EPA maintains an Allowance Management System (AMS) to record allowance transfers. AMS accounts are the official records for allowance holdings and transfers used for compliance purposes. To facilitate tracking and recording, EPA assigns every account an identification number and every allowance a serial number. Each affected source, corporation, group, or individual holding allowances has an account in the AMS.
All the information in AMS is available in EPA’s Air Markets Program Data (AMPD).
Under the Acid Rain Program, one allowance is equivalent to 1 ton of SO2 during a given year or any subsequent year. Under CAIR and CSAPR, there are annual NOx and SO2 allowances, as well as seasonal NOx allowances. At the end of each year or ozone season, the source must hold an amount of allowances at least equal to its emissions for that time period. For example, a source that emits 5,000 tons of SO2 must hold at least 5,000 allowances that are usable in that year. Regardless of how many allowances a source holds, however, it is never entitled to exceed the limits set under Title I of the Act to protect public health.
Under EPA's cap and trade programs, anyone can purchase allowances, including both regulated companies and members of the general public. EPA itself does not sell allowances; our job is to track allowance holdings and record transactions.
Allowances can be bought directly from a company or an individual who holds them, through a broker, or through an environmental group that "retires" allowances so they can't be used to cover emissions. Additionally, SO2 allowances under the Acid Rain Program can be bought at EPA's Annual Allowance Auction.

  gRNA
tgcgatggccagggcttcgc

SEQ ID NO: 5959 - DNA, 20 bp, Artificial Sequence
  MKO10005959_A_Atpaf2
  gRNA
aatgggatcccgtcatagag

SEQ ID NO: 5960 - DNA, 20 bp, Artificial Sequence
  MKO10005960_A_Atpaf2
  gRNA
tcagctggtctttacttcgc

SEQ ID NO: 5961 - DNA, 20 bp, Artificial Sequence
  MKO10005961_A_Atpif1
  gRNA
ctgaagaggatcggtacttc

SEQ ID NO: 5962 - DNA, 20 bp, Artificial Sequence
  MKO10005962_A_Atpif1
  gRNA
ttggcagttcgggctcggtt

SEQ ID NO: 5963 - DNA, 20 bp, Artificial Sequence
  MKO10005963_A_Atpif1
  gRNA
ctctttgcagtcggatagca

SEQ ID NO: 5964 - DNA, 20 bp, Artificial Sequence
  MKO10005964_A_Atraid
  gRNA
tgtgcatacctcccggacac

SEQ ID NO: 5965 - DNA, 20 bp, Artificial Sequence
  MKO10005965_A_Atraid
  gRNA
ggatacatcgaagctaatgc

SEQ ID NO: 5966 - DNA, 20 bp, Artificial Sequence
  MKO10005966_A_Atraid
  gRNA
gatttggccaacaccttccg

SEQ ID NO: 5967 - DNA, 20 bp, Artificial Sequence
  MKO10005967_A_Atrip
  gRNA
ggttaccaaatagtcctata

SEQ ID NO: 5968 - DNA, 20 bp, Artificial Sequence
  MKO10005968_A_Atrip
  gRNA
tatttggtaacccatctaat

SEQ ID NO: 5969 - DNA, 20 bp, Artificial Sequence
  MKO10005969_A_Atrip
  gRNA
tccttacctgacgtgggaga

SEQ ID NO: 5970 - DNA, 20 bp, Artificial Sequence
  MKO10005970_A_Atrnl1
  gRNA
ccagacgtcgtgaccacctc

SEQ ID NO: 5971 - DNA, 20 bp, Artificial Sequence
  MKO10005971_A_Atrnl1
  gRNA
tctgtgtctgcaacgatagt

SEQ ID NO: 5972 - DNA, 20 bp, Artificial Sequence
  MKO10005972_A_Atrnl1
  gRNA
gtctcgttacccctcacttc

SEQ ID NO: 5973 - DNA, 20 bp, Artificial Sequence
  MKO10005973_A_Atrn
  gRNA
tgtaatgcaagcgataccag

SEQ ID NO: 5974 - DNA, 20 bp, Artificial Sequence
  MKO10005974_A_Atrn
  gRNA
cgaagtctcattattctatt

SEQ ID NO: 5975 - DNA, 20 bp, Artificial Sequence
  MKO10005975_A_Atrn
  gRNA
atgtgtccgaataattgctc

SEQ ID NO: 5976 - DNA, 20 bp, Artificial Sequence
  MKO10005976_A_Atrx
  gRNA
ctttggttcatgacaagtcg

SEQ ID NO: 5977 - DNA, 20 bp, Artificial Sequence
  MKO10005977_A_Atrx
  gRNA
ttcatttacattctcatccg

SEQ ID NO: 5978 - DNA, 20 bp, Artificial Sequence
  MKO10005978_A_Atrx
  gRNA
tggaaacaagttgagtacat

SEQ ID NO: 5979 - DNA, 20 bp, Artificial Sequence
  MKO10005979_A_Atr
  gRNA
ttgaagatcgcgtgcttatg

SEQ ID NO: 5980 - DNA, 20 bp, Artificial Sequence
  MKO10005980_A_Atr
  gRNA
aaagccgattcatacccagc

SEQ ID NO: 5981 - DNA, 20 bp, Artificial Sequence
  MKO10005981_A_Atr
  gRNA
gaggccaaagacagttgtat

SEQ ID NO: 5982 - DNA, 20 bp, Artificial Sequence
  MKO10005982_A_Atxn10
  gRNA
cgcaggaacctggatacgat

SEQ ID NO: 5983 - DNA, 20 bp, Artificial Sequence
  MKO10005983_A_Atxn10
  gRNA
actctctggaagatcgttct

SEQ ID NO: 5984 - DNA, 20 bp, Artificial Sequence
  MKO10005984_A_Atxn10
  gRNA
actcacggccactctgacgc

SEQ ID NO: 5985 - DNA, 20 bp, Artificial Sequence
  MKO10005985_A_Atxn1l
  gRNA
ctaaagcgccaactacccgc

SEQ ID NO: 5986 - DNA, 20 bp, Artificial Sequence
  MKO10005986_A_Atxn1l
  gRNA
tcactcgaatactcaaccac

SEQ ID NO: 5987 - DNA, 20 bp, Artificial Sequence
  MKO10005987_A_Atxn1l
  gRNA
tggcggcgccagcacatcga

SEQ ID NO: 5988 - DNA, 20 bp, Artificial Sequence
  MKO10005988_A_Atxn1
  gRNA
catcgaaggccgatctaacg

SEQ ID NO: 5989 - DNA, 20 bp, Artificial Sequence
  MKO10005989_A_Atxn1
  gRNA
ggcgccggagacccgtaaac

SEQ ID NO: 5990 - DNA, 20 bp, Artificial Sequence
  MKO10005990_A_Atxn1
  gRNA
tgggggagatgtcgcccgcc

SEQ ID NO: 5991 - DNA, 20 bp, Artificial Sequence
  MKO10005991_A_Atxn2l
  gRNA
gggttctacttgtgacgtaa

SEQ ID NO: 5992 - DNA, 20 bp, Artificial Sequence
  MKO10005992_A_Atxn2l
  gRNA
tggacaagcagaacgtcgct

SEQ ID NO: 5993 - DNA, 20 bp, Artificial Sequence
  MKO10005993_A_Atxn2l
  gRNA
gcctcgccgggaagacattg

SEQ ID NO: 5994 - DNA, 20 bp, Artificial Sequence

Brokers bring together parties that have allowances to buy and sell. Brokers are more appropriate for higher volume allowance transactions. The following list represents the brokers and traders that EPA knows about. The list is based on publicly available information and may not be complete. Mention of trade names or commercial entities does not constitute endorsement or recommendation for use. If you are a broker or trader and would like to be added to the list, please let us know.
|Name||Phone||Website The following links exit the site Exit|
|Air & Liquid Advisors||713-225-6600||www.aladvisors.net|
|BGC Environmental Brokerage Services||646-346-6899||www.emissionstrading.com|
|Element Markets LLC||281-207-7200||www.elementmarkets.com|
|Emission Advisors, Inc.||713-385-3321||www.emissionadvisors.com|
|GFI Group, Inc.||212-968-6937||www.gfigroup.com|
|ICE Futures U.S.||312-836-6727||www.theice.com|
|New York Mercantile Exchange||212-299-2301||www.nymex.com|
|Polaris Markets Ltd||316-775-1900||www.polarismarkets.com|
SO2 Allowance Auctions
Once a year, EPA auctions a certain number of SO2 allowances. Utilities, environmental groups, allowance brokers, and anyone else interested in purchasing allowances can participate. Auction allowances are sold to the highest bidder until no allowances remain. Successful bidders are notified and listed on EPA’s website.
To bid in the EPA auctions please see the How to Bid Factsheet in the Auction section of Clean Air Markets Forms page. For more information on EPA’s SO2 allowance auction, see the Allowance Auction Fact Sheet.